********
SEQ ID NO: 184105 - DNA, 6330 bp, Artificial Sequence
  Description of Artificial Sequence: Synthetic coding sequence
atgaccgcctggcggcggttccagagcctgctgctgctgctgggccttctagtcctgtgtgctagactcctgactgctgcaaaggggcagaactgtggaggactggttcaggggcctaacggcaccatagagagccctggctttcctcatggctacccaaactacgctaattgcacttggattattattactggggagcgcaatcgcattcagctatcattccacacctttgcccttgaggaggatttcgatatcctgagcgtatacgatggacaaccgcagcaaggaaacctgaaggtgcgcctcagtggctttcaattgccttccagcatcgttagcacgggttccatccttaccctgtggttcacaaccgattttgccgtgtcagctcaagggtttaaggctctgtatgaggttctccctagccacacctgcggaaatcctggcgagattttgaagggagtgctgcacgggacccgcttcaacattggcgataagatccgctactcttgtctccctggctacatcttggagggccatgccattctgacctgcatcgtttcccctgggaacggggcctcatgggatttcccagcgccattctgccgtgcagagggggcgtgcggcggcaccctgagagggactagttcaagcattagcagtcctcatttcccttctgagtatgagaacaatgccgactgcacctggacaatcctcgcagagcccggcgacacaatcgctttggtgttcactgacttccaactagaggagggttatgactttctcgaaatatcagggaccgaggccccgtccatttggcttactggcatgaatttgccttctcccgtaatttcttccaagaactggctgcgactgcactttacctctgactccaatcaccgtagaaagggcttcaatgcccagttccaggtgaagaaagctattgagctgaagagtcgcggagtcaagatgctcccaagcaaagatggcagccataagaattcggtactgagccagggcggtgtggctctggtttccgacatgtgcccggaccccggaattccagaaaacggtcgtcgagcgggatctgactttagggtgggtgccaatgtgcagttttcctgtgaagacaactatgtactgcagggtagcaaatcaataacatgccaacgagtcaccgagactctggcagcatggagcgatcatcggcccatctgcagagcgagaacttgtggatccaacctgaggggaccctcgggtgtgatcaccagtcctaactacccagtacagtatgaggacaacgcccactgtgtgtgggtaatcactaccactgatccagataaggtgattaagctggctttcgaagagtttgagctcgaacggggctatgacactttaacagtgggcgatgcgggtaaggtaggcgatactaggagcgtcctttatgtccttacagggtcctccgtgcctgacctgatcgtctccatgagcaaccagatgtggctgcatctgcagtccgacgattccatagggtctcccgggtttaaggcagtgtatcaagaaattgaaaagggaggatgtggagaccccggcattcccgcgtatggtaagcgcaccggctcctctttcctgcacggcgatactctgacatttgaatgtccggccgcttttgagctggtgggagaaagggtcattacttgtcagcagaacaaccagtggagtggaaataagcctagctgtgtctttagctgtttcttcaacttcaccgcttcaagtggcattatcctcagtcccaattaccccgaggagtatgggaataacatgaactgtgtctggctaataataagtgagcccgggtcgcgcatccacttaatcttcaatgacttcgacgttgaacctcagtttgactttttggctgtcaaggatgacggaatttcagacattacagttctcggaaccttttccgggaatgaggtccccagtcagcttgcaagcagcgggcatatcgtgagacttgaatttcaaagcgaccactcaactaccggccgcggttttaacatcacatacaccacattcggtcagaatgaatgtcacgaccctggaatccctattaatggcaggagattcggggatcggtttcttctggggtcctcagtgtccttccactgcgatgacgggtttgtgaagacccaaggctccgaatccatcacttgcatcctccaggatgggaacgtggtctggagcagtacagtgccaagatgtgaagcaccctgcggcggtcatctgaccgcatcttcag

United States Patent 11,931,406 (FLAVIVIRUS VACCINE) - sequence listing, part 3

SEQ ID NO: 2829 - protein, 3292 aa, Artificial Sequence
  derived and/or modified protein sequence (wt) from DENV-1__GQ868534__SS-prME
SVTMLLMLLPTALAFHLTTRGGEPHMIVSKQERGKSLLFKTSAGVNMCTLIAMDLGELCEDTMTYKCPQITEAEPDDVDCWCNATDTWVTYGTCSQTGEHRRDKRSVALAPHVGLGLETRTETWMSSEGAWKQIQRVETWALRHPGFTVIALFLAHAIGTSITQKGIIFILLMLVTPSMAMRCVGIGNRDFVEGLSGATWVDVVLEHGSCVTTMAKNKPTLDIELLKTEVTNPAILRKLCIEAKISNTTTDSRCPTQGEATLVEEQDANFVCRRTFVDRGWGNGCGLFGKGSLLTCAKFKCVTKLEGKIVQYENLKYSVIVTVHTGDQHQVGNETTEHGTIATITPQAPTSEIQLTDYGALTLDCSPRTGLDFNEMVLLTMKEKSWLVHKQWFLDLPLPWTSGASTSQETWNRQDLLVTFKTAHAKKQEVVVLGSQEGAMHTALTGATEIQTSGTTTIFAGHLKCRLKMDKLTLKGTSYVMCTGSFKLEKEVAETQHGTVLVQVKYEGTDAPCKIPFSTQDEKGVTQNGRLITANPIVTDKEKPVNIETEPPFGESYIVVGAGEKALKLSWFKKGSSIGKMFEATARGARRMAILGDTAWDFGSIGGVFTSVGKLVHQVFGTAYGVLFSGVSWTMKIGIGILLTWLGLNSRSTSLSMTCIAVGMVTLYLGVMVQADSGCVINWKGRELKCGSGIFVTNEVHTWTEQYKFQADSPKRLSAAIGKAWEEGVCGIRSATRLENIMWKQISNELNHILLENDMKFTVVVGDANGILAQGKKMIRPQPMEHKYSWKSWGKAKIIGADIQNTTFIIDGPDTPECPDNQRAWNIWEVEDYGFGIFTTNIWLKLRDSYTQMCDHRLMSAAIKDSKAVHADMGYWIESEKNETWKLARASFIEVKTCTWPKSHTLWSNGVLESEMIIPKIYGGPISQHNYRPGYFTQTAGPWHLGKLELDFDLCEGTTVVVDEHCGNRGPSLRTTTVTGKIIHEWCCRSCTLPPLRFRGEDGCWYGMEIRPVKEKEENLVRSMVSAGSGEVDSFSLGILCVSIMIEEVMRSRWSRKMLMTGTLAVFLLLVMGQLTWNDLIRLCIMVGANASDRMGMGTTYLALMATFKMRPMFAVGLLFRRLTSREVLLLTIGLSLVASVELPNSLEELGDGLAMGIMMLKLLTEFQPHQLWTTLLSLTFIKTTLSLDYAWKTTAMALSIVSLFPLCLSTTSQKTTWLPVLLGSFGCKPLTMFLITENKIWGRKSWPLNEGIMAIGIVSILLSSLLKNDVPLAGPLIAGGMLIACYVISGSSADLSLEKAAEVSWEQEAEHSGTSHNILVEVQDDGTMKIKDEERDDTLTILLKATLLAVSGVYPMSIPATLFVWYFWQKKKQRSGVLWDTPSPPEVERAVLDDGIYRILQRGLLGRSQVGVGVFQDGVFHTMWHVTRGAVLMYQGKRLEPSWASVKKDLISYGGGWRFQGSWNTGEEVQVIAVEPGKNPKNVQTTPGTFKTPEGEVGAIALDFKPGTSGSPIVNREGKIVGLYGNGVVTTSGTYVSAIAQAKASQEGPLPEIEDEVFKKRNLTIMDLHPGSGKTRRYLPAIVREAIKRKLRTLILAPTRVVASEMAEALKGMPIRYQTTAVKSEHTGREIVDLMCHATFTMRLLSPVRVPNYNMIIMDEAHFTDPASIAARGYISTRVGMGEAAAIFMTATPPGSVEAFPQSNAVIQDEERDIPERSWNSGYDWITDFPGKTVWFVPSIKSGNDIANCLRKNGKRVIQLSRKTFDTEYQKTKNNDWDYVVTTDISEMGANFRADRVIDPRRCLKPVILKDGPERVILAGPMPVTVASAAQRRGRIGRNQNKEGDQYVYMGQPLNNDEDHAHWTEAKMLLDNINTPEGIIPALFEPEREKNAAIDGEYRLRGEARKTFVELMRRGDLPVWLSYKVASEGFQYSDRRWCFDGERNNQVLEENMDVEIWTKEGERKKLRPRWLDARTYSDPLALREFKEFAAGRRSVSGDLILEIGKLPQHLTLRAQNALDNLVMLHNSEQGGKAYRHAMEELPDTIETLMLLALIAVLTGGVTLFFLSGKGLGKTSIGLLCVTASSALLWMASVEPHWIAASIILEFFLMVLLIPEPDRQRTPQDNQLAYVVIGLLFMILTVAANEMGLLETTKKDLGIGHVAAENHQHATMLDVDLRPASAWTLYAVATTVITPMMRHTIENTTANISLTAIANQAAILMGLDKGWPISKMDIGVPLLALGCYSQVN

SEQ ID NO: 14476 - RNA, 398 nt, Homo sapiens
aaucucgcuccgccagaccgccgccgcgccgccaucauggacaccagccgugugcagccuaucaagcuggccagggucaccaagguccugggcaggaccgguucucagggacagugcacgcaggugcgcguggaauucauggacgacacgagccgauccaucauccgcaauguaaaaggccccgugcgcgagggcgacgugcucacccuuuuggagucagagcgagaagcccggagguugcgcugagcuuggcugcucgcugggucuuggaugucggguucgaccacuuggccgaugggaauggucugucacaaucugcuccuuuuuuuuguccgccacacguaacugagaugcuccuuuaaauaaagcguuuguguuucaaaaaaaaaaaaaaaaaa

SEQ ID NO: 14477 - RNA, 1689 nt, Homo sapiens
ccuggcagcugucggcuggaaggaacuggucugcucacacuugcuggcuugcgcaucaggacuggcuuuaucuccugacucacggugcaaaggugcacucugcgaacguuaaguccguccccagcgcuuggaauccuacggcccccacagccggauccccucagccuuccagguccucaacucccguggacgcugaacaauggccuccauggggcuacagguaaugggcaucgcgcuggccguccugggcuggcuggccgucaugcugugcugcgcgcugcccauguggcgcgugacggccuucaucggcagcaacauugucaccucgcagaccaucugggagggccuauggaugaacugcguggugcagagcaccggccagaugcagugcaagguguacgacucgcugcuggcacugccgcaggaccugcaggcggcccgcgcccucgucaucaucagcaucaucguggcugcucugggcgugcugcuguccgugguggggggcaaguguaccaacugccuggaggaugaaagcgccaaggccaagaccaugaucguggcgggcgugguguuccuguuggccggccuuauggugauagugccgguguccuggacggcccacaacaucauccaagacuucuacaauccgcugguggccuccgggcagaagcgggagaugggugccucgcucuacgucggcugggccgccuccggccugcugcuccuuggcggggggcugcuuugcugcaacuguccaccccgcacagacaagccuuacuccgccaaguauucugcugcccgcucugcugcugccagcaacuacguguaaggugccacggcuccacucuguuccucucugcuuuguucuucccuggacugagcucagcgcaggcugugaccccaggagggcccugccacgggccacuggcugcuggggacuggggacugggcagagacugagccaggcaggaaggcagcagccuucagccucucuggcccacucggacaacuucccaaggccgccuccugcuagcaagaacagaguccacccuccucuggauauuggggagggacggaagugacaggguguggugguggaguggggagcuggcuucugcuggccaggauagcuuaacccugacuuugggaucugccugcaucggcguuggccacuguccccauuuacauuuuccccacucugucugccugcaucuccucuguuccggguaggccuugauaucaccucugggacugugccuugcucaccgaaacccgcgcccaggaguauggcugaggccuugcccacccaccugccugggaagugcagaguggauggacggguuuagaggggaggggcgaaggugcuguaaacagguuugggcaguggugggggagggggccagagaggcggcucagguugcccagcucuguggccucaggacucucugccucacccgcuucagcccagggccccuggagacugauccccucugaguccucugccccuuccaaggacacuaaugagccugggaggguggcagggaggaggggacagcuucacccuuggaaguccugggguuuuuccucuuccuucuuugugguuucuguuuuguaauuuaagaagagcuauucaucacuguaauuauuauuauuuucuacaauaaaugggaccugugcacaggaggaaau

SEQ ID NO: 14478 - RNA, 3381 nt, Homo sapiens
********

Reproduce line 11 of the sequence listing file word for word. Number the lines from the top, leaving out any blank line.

ccuggcagcugucggcuggaaggaacuggucugcucacacuugcuggcuugcgcaucaggacuggcuuuaucuccugacucacggugcaaaggugcacucugcgaacguuaaguccguccccagcgcuuggaauccuacggcccccacagccggauccccucagccuuccagguccucaacucccguggacgcugaacaauggccuccauggggcuacagguaaugggcaucgcgcuggccguccugggcuggcuggccgucaugcugugcugcgcgcugcccauguggcgcgugacggccuucaucggcagcaacauugucaccucgcagaccaucugggagggccuauggaugaacugcguggugcagagcaccggccagaugcagugcaagguguacgacucgcugcuggcacugccgcaggaccugcaggcggcccgcgcccucgucaucaucagcaucaucguggcugcucugggcgugcugcuguccgugguggggggcaaguguaccaacugccuggaggaugaaagcgccaaggccaagaccaugaucguggcgggcgugguguuccuguuggccggccuuauggugauagugccgguguccuggacggcccacaacaucauccaagacuucuacaauccgcugguggccuccgggcagaagcgggagaugggugccucgcucuacgucggcugggccgccuccggccugcugcuccuuggcggggggcugcuuugcugcaacuguccaccccgcacagacaagccuuacuccgccaaguauucugcugcccgcucugcugcugccagcaacuacguguaaggugccacggcuccacucuguuccucucugcuuuguucuucccuggacugagcucagcgcaggcugugaccccaggagggcccugccacgggccacuggcugcuggggacuggggacugggcagagacugagccaggcaggaaggcagcagccuucagccucucuggcccacucggacaacuucccaaggccgccuccugcuagcaagaacagaguccacccuccucuggauauuggggagggacggaagugacaggguguggugguggaguggggagcuggcuucugcuggccaggauagcuuaacccugacuuugggaucugccugcaucggcguuggccacuguccccauuuacauuuuccccacucugucugccugcaucuccucuguuccggguaggccuugauaucaccucugggacugugccuugcucaccgaaacccgcgcccaggaguauggcugaggccuugcccacccaccugccugggaagugcagaguggauggacggguuuagaggggaggggcgaaggugcuguaaacagguuugggcaguggugggggagggggccagagaggcggcucagguugcccagcucuguggccucaggacucucugccucacccgcuucagcccagggccccuggagacugauccccucugaguccucugccccuuccaaggacacuaaugagccugggaggguggcagggaggaggggacagcuucacccuuggaaguccugggguuuuuccucuuccuucuuugugguuucuguuuuguaauuuaagaagagcuauucaucacuguaauuauuauuauuuucuacaauaaaugggaccugugcacaggaggaaau